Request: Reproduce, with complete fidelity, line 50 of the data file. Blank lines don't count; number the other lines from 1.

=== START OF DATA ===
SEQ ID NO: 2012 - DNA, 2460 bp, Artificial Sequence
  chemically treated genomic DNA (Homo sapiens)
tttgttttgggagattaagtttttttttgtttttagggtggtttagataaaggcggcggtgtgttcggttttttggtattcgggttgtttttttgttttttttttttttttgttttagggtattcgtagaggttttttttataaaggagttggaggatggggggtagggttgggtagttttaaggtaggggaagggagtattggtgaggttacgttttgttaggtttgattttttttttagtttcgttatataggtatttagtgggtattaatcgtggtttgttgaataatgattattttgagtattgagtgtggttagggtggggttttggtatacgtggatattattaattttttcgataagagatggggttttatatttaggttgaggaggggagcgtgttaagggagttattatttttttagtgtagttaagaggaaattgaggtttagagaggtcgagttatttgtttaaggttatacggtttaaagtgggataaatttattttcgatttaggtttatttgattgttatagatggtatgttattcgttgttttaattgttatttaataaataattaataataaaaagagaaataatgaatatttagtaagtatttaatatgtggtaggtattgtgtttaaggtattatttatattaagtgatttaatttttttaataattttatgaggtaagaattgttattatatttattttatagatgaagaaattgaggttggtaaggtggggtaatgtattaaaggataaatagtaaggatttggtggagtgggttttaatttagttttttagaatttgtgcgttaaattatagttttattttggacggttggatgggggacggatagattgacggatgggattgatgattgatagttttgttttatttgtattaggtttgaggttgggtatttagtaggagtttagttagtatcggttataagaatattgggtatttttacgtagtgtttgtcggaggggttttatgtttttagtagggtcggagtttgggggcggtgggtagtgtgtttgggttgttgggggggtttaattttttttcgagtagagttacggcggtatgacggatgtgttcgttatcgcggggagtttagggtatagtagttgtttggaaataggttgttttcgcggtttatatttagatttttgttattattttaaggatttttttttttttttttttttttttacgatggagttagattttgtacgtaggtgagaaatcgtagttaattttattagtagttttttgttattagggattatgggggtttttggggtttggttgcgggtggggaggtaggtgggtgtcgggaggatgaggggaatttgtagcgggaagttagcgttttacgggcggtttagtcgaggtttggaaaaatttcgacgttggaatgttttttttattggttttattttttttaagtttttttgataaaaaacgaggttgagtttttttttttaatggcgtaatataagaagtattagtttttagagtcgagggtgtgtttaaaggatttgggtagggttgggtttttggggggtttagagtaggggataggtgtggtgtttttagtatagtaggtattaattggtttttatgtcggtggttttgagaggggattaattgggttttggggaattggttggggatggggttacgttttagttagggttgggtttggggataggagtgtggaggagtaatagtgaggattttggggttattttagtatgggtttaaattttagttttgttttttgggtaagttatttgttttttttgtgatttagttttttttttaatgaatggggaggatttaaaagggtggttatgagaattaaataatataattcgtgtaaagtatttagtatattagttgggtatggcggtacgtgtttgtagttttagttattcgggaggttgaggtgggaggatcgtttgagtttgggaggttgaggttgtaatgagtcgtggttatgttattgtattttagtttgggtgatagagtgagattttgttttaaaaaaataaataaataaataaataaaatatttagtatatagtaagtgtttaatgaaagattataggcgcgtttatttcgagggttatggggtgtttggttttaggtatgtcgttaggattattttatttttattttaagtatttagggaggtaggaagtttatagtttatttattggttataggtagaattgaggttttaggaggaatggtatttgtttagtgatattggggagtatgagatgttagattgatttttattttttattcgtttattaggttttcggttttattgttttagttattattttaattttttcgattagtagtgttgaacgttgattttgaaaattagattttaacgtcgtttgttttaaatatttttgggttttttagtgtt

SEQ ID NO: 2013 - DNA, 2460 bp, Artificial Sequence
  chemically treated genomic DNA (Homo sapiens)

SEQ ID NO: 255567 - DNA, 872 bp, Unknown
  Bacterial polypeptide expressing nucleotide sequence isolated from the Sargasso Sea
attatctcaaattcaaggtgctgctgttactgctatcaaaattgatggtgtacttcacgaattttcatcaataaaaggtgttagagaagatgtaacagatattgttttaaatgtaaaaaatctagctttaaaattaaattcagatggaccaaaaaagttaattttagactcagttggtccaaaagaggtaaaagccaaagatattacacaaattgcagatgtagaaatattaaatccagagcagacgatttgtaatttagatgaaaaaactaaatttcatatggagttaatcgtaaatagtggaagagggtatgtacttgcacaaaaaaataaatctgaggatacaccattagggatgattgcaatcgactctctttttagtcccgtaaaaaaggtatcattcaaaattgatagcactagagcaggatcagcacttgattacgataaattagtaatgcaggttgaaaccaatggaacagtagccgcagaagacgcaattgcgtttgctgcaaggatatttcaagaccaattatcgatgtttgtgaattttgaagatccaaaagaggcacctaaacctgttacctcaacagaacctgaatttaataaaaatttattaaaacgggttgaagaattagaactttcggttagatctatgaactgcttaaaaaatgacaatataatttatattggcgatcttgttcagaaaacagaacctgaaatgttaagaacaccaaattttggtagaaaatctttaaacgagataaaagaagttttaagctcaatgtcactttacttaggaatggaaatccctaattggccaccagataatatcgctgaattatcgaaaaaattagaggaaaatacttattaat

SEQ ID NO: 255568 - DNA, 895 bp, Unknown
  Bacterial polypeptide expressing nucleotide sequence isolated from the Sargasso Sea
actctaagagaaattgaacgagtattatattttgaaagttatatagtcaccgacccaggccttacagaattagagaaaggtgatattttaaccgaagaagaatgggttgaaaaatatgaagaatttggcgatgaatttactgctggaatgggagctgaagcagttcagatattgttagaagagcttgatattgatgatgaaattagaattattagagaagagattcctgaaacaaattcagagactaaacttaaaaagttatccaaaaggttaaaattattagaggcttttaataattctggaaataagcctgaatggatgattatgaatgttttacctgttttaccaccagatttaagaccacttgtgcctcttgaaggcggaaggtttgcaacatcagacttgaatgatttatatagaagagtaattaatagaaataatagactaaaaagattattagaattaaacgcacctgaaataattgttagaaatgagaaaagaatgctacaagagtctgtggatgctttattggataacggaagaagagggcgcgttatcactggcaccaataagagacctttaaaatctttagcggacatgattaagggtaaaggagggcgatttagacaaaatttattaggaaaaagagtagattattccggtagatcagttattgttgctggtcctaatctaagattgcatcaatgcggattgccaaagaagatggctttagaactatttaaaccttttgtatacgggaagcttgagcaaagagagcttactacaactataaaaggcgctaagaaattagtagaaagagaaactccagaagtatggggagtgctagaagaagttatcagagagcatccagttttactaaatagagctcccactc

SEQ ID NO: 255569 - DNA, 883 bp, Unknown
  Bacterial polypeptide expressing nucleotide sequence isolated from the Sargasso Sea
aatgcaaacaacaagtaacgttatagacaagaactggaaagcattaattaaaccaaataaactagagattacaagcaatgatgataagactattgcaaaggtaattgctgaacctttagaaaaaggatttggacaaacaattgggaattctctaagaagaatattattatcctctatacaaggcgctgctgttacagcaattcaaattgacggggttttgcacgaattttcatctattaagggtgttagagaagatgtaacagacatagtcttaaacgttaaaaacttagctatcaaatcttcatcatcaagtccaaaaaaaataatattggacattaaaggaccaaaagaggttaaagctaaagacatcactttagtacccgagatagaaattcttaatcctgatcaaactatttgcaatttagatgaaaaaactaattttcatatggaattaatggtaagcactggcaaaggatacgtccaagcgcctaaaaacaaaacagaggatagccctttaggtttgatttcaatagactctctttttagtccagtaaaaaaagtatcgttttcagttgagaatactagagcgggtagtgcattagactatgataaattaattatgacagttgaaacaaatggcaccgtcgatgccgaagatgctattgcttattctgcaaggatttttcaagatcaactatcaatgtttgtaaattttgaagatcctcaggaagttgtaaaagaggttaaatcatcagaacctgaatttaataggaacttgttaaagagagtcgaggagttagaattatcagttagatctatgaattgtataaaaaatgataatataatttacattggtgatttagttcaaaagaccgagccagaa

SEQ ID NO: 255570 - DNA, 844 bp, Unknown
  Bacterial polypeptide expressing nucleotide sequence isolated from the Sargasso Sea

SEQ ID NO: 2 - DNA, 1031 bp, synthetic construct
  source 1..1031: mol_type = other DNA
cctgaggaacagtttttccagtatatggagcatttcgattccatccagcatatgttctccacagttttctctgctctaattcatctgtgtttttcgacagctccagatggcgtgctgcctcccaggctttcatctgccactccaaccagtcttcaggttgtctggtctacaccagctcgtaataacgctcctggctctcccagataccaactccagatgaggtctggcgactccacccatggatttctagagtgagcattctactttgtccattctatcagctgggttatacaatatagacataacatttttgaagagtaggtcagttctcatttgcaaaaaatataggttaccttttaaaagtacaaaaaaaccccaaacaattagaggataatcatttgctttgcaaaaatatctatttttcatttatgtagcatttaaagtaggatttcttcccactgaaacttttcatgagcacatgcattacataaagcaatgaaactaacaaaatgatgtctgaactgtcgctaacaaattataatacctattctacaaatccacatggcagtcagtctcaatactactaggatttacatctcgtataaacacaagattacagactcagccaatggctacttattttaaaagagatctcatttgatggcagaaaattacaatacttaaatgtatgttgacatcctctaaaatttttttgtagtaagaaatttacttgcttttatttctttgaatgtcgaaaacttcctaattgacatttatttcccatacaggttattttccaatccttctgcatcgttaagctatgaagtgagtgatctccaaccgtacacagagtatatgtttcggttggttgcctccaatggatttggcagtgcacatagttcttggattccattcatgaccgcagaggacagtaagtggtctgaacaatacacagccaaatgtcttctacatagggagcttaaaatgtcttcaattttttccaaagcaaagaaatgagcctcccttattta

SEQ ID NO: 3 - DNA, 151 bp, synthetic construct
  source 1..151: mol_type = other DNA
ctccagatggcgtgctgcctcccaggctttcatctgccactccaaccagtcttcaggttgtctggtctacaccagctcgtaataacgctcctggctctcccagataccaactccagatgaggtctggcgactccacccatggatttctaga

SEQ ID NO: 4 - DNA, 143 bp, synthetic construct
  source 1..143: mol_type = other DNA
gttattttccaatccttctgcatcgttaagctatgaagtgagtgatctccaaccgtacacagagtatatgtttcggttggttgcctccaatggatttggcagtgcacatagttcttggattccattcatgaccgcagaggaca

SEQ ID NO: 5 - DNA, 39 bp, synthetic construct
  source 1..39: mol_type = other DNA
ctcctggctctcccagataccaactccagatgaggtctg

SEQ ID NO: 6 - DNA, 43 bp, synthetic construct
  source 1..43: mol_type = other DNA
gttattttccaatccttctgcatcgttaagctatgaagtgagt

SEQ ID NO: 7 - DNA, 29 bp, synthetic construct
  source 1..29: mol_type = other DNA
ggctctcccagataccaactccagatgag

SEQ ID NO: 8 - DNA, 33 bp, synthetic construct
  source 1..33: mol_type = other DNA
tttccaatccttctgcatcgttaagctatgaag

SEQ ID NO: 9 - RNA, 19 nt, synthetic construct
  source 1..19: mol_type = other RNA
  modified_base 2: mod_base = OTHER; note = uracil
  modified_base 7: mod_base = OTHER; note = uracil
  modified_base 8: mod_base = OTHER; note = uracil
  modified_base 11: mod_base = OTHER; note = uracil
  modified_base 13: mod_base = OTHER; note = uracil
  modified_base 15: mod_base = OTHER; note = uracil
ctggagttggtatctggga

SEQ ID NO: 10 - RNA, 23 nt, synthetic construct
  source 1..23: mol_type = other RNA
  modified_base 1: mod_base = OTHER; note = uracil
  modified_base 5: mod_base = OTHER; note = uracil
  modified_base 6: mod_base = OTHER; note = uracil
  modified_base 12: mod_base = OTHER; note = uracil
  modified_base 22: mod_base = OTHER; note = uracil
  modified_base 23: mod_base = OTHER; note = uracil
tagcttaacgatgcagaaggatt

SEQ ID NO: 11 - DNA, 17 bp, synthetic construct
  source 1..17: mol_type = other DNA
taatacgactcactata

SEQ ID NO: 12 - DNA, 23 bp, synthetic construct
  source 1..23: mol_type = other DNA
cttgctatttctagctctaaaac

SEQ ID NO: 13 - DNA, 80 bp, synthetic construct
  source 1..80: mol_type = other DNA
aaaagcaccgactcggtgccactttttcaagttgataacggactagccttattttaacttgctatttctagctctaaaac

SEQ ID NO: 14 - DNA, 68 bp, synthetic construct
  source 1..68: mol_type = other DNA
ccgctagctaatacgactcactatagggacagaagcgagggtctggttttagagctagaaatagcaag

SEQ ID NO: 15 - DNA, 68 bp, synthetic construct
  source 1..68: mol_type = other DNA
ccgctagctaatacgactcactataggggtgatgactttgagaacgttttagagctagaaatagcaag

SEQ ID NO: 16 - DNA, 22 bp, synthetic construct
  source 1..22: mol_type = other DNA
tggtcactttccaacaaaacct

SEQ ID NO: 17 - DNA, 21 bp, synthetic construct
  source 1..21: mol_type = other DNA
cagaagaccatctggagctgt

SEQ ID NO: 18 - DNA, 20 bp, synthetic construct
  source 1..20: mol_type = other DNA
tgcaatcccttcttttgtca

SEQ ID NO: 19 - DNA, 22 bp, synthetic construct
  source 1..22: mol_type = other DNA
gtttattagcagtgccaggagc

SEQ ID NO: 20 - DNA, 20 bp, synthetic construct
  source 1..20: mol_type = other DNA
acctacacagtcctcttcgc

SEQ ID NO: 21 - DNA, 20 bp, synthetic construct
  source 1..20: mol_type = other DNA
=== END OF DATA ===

  modified_base 5: mod_base = OTHER; note = uracil